nations, that does not proceed from pride and ambition. Neither

man nor nation will be content to be less than another; and to

acquire the wished-for superiority all is thrown into general

confusion, both in public and private life. It was to destroy this

spirit of pride, that Jesus was manifested in the extreme of

humility and humiliation among men. The salvation of Christ is a

deliverance from pride, and a being clothed with humility. As

far as we are humble, so far we are saved.

Verse 11. Wealth gotten by vanity] Wealth that is not the result

of honest industry and hard labour is seldom permanent. All

fortunes acquired by speculation, lucky hits, and ministering to

the pride or luxury of others, &c., soon become dissipated. They

are not gotten in the way of Providence, and have not God's

blessing, and therefore are not permanent.

Verse 12. Hope deferred maketh the heart sick] When once a good

is discovered, want of it felt, strong desire for the possession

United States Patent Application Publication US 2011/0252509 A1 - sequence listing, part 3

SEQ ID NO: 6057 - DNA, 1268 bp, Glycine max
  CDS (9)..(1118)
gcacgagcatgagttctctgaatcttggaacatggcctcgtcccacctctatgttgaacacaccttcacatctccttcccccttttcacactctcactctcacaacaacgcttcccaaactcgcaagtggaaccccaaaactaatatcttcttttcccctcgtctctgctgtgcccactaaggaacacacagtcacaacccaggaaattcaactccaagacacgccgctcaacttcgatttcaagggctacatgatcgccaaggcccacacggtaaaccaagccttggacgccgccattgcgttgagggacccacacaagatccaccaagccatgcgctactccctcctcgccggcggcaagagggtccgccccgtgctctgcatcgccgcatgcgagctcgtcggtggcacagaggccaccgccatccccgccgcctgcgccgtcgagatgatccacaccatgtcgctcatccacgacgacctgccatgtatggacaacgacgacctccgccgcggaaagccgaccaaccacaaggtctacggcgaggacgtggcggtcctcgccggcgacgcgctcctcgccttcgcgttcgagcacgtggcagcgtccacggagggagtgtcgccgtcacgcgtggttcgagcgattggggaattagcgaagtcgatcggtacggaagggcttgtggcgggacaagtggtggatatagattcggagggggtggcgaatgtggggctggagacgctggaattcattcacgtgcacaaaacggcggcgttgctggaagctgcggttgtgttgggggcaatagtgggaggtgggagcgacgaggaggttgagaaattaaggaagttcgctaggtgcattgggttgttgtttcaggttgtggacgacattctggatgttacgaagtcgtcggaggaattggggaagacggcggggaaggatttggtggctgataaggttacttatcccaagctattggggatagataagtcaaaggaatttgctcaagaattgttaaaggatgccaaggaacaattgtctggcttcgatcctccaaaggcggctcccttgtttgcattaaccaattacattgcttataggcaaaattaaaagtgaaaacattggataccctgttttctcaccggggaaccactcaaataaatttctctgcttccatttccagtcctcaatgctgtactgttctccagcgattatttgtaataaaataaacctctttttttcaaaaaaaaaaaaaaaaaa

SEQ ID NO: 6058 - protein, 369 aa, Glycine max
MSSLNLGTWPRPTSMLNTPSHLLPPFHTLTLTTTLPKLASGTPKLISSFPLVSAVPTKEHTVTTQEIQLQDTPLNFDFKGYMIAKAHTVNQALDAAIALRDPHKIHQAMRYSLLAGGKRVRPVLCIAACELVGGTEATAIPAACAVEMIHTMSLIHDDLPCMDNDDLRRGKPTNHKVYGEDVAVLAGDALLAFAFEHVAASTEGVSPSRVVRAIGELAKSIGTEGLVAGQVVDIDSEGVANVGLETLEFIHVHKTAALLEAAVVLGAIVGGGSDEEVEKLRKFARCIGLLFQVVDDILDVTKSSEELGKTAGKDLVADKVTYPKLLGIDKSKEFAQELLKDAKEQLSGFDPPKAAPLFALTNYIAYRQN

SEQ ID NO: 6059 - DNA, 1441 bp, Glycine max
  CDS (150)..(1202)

excited, and the promise of attainment made on grounds

unsuspected, so that the reality of the thing and the certainty

of the promise are manifest, hope posts forward to realize the

blessing. Delay in the gratification pains the mind; the increase

of the delay prostrates and sickens the heart; and if delay

sickens the heart, ultimate disappointment kills it. But when the

thing desired, hoped for, and expected comes, it is a tree of

life, ets chaiyim, "the tree of lives;" it comforts and

invigorates both body and soul. To the tree of lives, in the midst

of the gardens of paradise, how frequent are the allusions in the

writings of Solomon, and in other parts of the Holy Scriptures!

What deep, and perhaps yet unknown, mysteries were in this tree!

Verse 13. Whoso despiseth the word] The revelation which God has

in his mercy given to man-shall be destroyed; for there is no

other way of salvation but that which it points out.